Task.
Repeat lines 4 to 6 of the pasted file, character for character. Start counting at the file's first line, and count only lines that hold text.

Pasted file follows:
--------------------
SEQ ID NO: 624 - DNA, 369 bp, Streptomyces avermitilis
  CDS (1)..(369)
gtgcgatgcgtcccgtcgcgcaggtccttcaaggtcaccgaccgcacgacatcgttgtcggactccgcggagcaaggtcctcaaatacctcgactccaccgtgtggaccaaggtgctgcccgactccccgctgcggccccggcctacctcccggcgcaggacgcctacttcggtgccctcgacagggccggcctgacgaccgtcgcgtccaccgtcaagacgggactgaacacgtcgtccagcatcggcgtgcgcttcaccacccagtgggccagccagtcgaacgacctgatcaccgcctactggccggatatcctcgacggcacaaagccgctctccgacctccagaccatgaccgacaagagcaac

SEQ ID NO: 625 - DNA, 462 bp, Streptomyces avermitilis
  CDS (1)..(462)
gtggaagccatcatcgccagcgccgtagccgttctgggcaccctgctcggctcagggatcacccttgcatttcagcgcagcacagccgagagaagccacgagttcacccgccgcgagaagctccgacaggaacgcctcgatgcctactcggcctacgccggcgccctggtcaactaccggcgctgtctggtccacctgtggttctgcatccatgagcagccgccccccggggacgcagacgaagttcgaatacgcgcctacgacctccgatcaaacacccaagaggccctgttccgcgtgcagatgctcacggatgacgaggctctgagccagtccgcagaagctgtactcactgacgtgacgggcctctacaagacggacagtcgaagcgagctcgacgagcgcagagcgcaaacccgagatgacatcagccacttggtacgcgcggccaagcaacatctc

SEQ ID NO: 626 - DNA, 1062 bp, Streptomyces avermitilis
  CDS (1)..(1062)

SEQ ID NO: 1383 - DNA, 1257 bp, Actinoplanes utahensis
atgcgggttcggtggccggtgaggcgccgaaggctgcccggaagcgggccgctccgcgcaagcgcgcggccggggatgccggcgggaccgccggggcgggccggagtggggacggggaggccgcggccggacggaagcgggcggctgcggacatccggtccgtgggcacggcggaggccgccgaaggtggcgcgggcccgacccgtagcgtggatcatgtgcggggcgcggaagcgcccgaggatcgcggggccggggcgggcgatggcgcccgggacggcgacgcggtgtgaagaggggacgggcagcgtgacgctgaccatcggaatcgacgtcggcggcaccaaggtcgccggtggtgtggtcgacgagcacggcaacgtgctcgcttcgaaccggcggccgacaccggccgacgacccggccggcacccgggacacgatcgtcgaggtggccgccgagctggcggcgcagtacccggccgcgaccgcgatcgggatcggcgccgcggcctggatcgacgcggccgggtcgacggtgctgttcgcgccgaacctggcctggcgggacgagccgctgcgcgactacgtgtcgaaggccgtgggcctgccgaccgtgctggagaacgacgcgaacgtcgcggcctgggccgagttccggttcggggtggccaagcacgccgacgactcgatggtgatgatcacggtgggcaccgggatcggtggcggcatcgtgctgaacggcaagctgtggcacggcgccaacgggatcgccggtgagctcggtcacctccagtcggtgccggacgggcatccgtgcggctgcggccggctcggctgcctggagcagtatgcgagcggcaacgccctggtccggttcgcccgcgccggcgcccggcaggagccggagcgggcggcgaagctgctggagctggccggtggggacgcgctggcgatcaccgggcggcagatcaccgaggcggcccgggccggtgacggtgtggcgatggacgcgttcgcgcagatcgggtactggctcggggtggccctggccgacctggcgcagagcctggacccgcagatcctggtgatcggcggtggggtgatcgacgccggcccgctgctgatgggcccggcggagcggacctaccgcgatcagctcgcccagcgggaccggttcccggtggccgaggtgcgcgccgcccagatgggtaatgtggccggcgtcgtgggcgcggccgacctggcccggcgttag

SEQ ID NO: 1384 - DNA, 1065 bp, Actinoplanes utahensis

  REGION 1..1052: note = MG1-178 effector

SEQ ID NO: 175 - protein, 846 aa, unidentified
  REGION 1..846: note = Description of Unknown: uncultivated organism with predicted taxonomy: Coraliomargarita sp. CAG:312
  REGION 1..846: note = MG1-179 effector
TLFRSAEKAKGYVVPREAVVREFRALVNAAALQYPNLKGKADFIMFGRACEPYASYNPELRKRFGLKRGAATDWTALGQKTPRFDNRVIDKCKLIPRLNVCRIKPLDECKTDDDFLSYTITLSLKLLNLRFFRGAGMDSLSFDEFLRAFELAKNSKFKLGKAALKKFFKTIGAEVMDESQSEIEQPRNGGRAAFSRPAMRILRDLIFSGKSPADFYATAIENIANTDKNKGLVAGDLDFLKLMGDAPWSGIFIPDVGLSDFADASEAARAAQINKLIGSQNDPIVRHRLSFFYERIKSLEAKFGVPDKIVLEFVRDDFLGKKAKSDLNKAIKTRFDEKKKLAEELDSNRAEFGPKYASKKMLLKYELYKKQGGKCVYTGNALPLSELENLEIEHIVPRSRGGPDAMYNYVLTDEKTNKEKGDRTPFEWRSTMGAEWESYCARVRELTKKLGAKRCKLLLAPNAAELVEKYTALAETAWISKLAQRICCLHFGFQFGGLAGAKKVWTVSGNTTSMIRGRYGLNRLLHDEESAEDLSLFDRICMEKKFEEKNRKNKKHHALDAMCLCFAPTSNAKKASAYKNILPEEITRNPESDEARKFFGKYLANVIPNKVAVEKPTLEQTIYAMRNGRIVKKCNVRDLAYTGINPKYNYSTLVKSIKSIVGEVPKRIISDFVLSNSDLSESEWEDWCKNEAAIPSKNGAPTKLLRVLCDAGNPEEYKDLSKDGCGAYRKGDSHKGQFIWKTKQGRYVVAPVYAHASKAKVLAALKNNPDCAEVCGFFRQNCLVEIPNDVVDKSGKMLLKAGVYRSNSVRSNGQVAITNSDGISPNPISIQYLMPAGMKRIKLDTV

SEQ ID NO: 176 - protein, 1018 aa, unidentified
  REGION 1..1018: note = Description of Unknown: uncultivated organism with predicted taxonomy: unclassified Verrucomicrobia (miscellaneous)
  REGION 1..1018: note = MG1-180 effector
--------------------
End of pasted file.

SEQ ID NO: 625 - DNA, 462 bp, Streptomyces avermitilis
  CDS (1)..(462)
gtggaagccatcatcgccagcgccgtagccgttctgggcaccctgctcggctcagggatcacccttgcatttcagcgcagcacagccgagagaagccacgagttcacccgccgcgagaagctccgacaggaacgcctcgatgcctactcggcctacgccggcgccctggtcaactaccggcgctgtctggtccacctgtggttctgcatccatgagcagccgccccccggggacgcagacgaagttcgaatacgcgcctacgacctccgatcaaacacccaagaggccctgttccgcgtgcagatgctcacggatgacgaggctctgagccagtccgcagaagctgtactcactgacgtgacgggcctctacaagacggacagtcgaagcgagctcgacgagcgcagagcgcaaacccgagatgacatcagccacttggtacgcgcggccaagcaacatctc